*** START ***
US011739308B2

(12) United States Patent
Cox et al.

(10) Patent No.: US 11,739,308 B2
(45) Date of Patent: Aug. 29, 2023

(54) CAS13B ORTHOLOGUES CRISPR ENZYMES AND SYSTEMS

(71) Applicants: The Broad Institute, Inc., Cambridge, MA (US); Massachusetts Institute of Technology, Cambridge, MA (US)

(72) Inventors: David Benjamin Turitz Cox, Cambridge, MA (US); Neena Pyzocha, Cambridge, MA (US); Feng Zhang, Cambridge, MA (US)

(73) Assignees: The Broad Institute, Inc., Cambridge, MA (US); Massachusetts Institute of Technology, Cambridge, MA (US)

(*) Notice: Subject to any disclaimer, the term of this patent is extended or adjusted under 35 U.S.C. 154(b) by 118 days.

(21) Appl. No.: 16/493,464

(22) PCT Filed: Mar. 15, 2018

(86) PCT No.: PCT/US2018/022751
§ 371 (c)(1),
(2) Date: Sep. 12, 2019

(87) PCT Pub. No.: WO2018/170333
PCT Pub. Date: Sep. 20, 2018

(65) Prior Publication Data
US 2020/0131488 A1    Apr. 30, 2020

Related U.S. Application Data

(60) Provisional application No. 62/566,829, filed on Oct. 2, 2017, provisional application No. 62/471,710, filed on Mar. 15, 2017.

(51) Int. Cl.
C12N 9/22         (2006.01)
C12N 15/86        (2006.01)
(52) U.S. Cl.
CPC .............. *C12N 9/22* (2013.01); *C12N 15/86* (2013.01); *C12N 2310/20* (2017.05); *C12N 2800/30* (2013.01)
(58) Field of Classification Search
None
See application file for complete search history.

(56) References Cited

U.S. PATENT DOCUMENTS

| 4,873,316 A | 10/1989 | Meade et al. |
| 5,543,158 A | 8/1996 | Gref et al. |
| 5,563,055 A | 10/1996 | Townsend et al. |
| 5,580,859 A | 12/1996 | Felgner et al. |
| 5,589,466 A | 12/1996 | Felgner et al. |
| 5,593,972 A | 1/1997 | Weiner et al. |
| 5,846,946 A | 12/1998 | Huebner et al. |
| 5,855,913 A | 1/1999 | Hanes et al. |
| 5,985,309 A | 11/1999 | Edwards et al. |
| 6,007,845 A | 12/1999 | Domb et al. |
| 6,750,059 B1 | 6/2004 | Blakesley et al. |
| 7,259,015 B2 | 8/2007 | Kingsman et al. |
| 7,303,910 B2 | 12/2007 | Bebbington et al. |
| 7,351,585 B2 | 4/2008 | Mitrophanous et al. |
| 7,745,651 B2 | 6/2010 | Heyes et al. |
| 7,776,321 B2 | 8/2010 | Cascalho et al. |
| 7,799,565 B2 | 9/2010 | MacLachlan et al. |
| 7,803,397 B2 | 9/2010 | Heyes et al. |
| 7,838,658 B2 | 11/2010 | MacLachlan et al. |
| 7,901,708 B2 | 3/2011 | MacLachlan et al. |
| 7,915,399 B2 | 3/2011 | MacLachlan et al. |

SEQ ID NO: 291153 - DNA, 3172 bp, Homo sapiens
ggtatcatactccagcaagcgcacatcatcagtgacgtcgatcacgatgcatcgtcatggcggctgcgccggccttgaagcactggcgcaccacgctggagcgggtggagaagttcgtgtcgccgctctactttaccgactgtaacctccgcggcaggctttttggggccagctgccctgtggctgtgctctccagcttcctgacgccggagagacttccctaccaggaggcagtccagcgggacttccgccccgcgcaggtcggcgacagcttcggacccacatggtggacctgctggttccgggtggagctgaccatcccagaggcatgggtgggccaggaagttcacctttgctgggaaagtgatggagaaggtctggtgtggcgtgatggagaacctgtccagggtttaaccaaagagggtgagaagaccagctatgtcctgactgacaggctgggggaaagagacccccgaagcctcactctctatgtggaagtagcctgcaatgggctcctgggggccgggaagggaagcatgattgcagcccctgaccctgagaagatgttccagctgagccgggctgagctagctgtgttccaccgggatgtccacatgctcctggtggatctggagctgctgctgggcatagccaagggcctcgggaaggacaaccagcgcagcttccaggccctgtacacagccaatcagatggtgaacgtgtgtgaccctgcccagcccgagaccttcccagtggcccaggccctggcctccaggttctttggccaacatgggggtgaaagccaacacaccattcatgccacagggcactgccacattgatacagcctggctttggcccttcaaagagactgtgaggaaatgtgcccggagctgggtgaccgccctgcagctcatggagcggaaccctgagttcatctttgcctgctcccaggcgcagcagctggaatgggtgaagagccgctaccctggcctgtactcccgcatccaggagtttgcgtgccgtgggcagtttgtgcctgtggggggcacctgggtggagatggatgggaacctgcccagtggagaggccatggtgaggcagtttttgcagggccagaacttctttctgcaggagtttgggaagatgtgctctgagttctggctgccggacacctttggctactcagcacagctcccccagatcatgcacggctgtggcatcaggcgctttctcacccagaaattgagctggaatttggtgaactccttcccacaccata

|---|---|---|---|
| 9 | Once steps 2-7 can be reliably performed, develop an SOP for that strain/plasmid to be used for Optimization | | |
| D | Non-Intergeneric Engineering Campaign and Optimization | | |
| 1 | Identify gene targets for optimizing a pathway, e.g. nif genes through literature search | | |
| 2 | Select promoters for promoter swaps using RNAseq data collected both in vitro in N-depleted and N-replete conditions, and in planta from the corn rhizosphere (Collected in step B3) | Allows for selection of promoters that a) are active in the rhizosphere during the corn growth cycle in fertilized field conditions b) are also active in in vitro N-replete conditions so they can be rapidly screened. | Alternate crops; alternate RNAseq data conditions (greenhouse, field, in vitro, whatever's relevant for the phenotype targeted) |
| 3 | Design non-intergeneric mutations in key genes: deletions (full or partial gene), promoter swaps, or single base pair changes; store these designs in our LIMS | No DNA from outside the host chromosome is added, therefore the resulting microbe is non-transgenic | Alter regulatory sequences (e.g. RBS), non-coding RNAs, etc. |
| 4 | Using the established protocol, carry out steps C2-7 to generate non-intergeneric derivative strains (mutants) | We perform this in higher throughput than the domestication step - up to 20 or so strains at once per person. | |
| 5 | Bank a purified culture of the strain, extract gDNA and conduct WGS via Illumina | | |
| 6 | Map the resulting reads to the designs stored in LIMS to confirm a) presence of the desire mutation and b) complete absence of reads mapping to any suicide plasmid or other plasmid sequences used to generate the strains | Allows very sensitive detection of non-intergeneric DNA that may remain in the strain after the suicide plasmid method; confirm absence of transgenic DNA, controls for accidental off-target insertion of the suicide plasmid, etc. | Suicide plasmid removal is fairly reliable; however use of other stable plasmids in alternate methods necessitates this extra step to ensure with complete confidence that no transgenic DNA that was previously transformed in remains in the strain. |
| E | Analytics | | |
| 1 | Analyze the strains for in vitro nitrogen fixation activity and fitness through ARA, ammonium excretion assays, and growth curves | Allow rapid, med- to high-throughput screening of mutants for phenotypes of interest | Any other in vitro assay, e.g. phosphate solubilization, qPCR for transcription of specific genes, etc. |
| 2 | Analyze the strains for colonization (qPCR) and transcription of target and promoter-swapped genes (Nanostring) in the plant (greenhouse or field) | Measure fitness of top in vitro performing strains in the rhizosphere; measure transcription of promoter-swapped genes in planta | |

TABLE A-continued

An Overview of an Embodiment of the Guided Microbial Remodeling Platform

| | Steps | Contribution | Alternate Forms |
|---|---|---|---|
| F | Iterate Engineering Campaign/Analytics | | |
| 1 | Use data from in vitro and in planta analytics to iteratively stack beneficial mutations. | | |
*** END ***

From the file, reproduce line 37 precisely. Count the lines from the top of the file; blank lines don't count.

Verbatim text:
| 5,593,972 A | 1/1997 | Weiner et al. |